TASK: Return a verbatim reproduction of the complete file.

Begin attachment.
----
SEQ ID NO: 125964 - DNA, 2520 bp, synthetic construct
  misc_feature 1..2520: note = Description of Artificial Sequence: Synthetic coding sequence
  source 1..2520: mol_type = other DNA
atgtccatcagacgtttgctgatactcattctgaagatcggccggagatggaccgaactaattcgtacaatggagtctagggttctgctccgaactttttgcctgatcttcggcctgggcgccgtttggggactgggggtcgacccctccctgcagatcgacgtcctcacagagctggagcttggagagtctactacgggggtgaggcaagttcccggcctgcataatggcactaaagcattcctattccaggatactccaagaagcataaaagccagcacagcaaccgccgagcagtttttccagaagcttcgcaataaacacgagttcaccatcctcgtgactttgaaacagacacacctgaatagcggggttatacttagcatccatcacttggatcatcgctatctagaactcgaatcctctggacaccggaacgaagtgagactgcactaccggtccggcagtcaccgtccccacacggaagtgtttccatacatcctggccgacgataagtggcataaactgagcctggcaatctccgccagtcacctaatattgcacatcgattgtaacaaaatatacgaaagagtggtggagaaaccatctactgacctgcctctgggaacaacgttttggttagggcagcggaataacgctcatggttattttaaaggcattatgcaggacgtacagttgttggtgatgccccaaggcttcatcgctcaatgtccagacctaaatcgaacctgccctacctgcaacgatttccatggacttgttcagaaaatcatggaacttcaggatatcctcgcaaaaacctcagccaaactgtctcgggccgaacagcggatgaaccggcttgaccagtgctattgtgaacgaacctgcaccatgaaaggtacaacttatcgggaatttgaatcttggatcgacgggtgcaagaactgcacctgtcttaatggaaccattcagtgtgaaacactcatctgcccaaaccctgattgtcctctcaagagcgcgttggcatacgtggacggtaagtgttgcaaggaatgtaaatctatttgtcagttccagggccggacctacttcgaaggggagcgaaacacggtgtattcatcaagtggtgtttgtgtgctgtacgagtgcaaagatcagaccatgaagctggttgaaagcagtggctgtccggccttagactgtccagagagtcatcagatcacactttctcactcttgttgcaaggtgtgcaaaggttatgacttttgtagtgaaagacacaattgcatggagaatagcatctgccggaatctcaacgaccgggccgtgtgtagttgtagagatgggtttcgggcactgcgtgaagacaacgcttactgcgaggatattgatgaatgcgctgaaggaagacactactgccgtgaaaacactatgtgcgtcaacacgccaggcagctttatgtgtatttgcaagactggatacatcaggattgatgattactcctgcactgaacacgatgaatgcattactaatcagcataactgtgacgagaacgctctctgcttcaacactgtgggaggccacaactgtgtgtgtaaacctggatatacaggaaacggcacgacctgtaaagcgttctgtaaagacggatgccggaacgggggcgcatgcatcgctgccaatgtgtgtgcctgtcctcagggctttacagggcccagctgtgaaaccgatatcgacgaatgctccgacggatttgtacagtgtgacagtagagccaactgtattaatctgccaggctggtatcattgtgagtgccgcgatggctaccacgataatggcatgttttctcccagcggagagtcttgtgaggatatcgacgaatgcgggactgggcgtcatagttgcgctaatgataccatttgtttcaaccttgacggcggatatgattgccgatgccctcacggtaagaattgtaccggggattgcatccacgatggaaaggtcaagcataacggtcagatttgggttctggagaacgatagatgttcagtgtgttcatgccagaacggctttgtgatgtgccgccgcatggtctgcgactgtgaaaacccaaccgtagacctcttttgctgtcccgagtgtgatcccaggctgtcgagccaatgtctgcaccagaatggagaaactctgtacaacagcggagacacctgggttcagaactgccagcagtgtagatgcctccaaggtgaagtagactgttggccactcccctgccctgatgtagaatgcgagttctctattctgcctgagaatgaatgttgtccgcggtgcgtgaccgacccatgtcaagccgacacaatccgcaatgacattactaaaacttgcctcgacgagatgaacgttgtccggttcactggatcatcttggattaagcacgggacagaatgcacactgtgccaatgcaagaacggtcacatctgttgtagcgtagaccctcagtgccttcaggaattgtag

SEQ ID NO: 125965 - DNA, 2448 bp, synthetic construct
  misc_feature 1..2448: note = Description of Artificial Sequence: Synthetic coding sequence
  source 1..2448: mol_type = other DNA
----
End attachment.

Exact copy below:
SEQ ID NO: 125964 - DNA, 2520 bp, synthetic construct
  misc_feature 1..2520: note = Description of Artificial Sequence: Synthetic coding sequence
  source 1..2520: mol_type = other DNA
atgtccatcagacgtttgctgatactcattctgaagatcggccggagatggaccgaactaattcgtacaatggagtctagggttctgctccgaactttttgcctgatcttcggcctgggcgccgtttggggactgggggtcgacccctccctgcagatcgacgtcctcacagagctggagcttggagagtctactacgggggtgaggcaagttcccggcctgcataatggcactaaagcattcctattccaggatactccaagaagcataaaagccagcacagcaaccgccgagcagtttttccagaagcttcgcaataaacacgagttcaccatcctcgtgactttgaaacagacacacctgaatagcggggttatacttagcatccatcacttggatcatcgctatctagaactcgaatcctctggacaccggaacgaagtgagactgcactaccggtccggcagtcaccgtccccacacggaagtgtttccatacatcctggccgacgataagtggcataaactgagcctggcaatctccgccagtcacctaatattgcacatcgattgtaacaaaatatacgaaagagtggtggagaaaccatctactgacctgcctctgggaacaacgttttggttagggcagcggaataacgctcatggttattttaaaggcattatgcaggacgtacagttgttggtgatgccccaaggcttcatcgctcaatgtccagacctaaatcgaacctgccctacctgcaacgatttccatggacttgttcagaaaatcatggaacttcaggatatcctcgcaaaaacctcagccaaactgtctcgggccgaacagcggatgaaccggcttgaccagtgctattgtgaacgaacctgcaccatgaaaggtacaacttatcgggaatttgaatcttggatcgacgggtgcaagaactgcacctgtcttaatggaaccattcagtgtgaaacactcatctgcccaaaccctgattgtcctctcaagagcgcgttggcatacgtggacggtaagtgttgcaaggaatgtaaatctatttgtcagttccagggccggacctacttcgaaggggagcgaaacacggtgtattcatcaagtggtgtttgtgtgctgtacgagtgcaaagatcagaccatgaagctggttgaaagcagtggctgtccggccttagactgtccagagagtcatcagatcacactttctcactcttgttgcaaggtgtgcaaaggttatgacttttgtagtgaaagacacaattgcatggagaatagcatctgccggaatctcaacgaccgggccgtgtgtagttgtagagatgggtttcgggcactgcgtgaagacaacgcttactgcgaggatattgatgaatgcgctgaaggaagacactactgccgtgaaaacactatgtgcgtcaacacgccaggcagctttatgtgtatttgcaagactggatacatcaggattgatgattactcctgcactgaacacgatgaatgcattactaatcagcataactgtgacgagaacgctctctgcttcaacactgtgggaggccacaactgtgtgtgtaaacctggatatacaggaaacggcacgacctgtaaagcgttctgtaaagacggatgccggaacgggggcgcatgcatcgctgccaatgtgtgtgcctgtcctcagggctttacagggcccagctgtgaaaccgatatcgacgaatgctccgacggatttgtacagtgtgacagtagagccaactgtattaatctgccaggctggtatcattgtgagtgccgcgatggctaccacgataatggcatgttttctcccagcggagagtcttgtgaggatatcgacgaatgcgggactgggcgtcatagttgcgctaatgataccatttgtttcaaccttgacggcggatatgattgccgatgccctcacggtaagaattgtaccggggattgcatccacgatggaaaggtcaagcataacggtcagatttgggttctggagaacgatagatgttcagtgtgttcatgccagaacggctttgtgatgtgccgccgcatggtctgcgactgtgaaaacccaaccgtagacctcttttgctgtcccgagtgtgatcccaggctgtcgagccaatgtctgcaccagaatggagaaactctgtacaacagcggagacacctgggttcagaactgccagcagtgtagatgcctccaaggtgaagtagactgttggccactcccctgccctgatgtagaatgcgagttctctattctgcctgagaatgaatgttgtccgcggtgcgtgaccgacccatgtcaagccgacacaatccgcaatgacattactaaaacttgcctcgacgagatgaacgttgtccggttcactggatcatcttggattaagcacgggacagaatgcacactgtgccaatgcaagaacggtcacatctgttgtagcgtagaccctcagtgccttcaggaattgtag

SEQ ID NO: 125965 - DNA, 2448 bp, synthetic construct
  misc_feature 1..2448: note = Description of Artificial Sequence: Synthetic coding sequence
  source 1..2448: mol_type = other DNA